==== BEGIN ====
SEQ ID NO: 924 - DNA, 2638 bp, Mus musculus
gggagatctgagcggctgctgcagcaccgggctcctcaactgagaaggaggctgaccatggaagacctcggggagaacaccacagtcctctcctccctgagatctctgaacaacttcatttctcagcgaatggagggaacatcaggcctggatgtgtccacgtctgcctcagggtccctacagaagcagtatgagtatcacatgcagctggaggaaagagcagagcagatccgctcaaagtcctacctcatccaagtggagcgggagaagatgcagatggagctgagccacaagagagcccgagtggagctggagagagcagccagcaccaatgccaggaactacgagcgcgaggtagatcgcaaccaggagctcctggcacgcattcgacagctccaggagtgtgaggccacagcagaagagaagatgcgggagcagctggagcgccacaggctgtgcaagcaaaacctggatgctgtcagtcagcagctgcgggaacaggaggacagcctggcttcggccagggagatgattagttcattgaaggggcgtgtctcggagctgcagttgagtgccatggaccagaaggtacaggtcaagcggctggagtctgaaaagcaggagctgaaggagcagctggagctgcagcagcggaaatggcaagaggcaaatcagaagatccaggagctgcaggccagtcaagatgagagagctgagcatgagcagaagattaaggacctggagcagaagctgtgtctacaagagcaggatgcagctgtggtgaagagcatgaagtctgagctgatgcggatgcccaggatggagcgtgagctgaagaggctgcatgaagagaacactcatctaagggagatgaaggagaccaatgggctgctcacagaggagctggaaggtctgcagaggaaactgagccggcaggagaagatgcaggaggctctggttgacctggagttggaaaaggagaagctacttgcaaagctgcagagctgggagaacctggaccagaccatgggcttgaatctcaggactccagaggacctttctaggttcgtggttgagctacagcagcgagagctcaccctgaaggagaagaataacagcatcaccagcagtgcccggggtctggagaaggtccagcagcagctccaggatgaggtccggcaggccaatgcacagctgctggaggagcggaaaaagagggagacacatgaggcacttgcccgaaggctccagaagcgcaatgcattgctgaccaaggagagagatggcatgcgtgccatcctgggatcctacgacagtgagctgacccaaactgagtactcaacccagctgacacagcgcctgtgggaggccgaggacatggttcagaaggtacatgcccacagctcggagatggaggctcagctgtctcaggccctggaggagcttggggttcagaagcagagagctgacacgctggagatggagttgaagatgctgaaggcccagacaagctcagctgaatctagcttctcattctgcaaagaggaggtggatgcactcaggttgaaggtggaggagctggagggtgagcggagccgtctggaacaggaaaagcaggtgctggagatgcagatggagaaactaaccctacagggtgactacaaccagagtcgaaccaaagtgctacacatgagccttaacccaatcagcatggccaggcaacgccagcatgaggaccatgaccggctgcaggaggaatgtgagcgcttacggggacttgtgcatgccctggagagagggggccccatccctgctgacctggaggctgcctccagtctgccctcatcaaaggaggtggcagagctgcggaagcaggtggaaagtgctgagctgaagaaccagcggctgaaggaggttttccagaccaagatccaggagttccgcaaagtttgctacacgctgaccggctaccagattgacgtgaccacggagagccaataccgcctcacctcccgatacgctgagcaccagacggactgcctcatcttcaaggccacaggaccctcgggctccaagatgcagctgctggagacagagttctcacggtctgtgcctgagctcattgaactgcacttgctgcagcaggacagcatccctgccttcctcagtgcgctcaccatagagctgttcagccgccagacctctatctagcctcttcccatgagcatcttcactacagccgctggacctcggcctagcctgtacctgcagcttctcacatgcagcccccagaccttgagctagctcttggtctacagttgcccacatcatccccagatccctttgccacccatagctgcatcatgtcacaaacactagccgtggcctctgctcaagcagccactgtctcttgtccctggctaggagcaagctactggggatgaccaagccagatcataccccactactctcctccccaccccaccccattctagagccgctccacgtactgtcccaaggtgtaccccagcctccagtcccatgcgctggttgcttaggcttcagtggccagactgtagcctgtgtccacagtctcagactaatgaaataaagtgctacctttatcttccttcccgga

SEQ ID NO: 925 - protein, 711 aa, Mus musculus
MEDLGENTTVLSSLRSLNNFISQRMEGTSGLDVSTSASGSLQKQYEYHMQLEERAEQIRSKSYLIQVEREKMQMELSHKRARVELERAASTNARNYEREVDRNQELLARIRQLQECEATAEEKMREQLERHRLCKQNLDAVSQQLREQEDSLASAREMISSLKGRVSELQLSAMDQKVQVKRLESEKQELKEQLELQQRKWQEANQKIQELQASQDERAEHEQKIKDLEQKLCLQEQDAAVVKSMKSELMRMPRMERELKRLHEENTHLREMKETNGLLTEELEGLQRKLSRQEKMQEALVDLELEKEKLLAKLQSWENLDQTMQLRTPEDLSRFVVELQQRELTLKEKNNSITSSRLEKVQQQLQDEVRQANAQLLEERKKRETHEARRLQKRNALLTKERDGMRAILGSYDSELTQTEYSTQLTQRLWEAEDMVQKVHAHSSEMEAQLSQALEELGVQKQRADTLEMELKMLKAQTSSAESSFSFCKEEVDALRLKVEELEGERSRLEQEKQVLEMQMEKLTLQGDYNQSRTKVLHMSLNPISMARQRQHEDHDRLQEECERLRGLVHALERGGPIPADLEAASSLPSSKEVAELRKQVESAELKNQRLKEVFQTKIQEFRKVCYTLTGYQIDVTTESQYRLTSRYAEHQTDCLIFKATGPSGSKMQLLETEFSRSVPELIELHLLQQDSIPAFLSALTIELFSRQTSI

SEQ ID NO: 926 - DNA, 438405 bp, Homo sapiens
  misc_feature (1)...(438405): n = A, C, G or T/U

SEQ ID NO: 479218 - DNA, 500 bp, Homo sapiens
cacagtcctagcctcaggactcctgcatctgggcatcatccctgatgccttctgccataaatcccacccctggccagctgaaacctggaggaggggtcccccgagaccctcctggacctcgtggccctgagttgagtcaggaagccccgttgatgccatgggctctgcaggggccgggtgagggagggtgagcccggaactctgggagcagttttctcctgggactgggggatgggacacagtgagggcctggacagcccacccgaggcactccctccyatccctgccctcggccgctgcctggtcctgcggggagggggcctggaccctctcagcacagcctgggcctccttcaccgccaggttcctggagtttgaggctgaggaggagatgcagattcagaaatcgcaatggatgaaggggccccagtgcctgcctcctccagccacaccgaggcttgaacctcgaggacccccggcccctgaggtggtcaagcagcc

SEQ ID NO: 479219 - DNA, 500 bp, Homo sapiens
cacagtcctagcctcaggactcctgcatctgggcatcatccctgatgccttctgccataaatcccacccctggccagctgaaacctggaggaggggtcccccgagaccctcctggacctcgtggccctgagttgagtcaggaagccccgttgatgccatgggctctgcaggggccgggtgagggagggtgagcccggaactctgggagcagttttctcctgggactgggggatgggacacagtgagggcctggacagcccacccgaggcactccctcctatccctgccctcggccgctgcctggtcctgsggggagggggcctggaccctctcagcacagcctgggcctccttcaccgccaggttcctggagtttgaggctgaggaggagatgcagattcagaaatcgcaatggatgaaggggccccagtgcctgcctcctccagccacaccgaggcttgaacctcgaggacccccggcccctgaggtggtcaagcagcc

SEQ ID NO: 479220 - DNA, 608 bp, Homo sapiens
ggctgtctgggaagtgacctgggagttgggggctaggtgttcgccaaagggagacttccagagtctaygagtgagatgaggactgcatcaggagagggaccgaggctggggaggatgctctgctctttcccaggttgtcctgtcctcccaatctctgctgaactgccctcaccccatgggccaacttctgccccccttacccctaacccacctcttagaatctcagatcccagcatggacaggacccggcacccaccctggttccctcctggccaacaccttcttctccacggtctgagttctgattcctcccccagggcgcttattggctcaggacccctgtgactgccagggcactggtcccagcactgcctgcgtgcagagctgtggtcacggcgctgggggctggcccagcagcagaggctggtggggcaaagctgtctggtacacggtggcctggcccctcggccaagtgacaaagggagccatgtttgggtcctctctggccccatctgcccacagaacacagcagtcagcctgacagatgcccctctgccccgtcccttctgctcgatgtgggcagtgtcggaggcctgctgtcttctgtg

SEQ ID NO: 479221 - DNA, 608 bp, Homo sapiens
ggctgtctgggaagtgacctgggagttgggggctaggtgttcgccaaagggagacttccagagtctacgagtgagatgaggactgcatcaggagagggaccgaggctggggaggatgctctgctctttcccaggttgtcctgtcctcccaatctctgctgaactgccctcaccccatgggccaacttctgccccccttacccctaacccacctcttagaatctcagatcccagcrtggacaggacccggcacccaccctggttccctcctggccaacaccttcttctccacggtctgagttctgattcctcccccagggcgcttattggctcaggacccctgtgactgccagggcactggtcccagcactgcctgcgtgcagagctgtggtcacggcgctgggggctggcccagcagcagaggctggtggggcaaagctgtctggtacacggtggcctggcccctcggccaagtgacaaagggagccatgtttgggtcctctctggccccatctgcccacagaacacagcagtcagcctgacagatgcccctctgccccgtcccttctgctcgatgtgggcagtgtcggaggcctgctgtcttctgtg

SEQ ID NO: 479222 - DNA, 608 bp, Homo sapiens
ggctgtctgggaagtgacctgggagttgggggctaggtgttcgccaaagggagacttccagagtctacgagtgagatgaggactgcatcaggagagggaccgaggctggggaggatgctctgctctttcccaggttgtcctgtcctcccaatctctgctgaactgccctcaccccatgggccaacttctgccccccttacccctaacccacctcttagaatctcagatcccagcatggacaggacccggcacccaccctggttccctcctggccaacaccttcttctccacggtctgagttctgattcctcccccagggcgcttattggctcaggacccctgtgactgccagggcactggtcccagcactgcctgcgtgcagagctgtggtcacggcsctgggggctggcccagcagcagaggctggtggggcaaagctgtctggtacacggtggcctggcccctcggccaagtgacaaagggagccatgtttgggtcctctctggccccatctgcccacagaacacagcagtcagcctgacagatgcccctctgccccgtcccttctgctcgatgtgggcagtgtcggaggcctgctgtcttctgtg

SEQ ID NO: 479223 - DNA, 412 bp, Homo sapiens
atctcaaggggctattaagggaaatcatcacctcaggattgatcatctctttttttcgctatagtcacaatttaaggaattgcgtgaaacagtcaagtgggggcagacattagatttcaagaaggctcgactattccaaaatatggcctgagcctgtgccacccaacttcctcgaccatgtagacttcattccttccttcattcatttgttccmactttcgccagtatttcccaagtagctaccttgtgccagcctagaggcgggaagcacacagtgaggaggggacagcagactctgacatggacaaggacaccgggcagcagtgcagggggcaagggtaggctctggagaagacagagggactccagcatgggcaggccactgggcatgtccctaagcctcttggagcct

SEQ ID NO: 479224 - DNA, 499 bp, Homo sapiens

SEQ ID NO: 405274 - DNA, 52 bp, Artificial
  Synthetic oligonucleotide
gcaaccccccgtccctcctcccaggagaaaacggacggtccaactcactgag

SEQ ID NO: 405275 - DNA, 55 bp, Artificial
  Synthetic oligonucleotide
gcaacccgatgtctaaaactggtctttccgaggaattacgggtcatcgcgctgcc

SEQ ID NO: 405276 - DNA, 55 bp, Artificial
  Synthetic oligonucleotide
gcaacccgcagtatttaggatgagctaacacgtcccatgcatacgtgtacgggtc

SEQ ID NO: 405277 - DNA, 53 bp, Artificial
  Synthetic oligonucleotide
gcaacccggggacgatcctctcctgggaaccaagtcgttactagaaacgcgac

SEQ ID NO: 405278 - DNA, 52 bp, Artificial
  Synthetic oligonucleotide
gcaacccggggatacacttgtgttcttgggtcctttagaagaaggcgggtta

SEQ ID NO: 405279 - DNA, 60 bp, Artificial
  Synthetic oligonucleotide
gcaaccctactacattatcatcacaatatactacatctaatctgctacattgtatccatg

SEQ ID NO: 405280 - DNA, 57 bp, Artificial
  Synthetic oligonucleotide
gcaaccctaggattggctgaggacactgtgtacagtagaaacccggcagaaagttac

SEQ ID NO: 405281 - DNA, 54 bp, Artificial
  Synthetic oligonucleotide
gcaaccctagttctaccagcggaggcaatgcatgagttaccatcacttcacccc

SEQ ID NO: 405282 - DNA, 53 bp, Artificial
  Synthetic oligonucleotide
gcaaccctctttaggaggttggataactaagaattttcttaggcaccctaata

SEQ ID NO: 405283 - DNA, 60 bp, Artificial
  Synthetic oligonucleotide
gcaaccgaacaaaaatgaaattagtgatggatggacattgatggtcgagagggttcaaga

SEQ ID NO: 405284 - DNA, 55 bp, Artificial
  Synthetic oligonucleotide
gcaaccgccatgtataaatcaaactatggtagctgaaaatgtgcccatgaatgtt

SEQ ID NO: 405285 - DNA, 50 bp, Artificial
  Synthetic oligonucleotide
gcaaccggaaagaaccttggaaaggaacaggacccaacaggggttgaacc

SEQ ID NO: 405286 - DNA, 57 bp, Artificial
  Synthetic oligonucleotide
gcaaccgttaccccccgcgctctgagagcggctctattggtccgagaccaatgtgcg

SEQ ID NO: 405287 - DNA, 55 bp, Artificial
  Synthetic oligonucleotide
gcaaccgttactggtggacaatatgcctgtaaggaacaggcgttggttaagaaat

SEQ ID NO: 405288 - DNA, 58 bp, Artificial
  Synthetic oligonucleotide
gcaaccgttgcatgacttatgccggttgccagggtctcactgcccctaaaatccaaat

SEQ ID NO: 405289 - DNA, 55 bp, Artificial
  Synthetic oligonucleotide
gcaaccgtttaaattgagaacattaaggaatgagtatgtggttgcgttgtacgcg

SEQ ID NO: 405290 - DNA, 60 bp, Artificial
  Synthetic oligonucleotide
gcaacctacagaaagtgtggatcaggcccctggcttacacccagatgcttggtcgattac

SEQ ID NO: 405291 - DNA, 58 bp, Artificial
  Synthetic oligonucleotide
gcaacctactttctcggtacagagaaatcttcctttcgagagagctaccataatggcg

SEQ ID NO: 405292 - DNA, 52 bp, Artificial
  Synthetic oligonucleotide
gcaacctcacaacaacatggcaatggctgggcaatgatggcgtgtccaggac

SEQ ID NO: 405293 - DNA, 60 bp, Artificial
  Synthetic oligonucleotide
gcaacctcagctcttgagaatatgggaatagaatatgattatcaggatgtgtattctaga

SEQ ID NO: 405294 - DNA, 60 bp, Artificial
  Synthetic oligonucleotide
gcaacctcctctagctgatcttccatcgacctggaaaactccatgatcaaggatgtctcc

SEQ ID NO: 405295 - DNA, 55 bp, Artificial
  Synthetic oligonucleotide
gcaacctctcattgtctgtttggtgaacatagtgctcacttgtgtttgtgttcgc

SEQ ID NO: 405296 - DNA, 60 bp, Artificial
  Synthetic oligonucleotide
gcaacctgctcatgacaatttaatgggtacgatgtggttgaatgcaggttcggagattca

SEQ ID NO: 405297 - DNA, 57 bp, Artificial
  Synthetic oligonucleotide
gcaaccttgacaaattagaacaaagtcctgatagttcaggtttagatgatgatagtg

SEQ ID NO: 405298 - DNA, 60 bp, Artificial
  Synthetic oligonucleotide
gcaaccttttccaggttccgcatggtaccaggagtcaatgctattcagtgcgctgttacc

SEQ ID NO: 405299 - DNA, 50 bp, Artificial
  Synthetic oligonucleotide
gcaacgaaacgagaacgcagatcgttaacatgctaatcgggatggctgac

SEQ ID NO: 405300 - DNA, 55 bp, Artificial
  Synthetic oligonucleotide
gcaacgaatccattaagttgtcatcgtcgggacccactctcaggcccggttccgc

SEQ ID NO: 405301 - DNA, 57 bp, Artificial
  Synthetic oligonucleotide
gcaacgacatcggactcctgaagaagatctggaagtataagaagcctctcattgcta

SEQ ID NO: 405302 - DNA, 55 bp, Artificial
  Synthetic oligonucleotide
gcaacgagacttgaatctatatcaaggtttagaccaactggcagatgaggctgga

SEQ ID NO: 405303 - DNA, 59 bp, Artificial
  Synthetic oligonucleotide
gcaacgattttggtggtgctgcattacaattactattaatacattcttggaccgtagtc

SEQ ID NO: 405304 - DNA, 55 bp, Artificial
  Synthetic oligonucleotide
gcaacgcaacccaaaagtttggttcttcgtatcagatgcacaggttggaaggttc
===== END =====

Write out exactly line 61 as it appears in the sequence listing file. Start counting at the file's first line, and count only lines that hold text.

gcaaccgttactggtggacaatatgcctgtaaggaacaggcgttggttaagaaat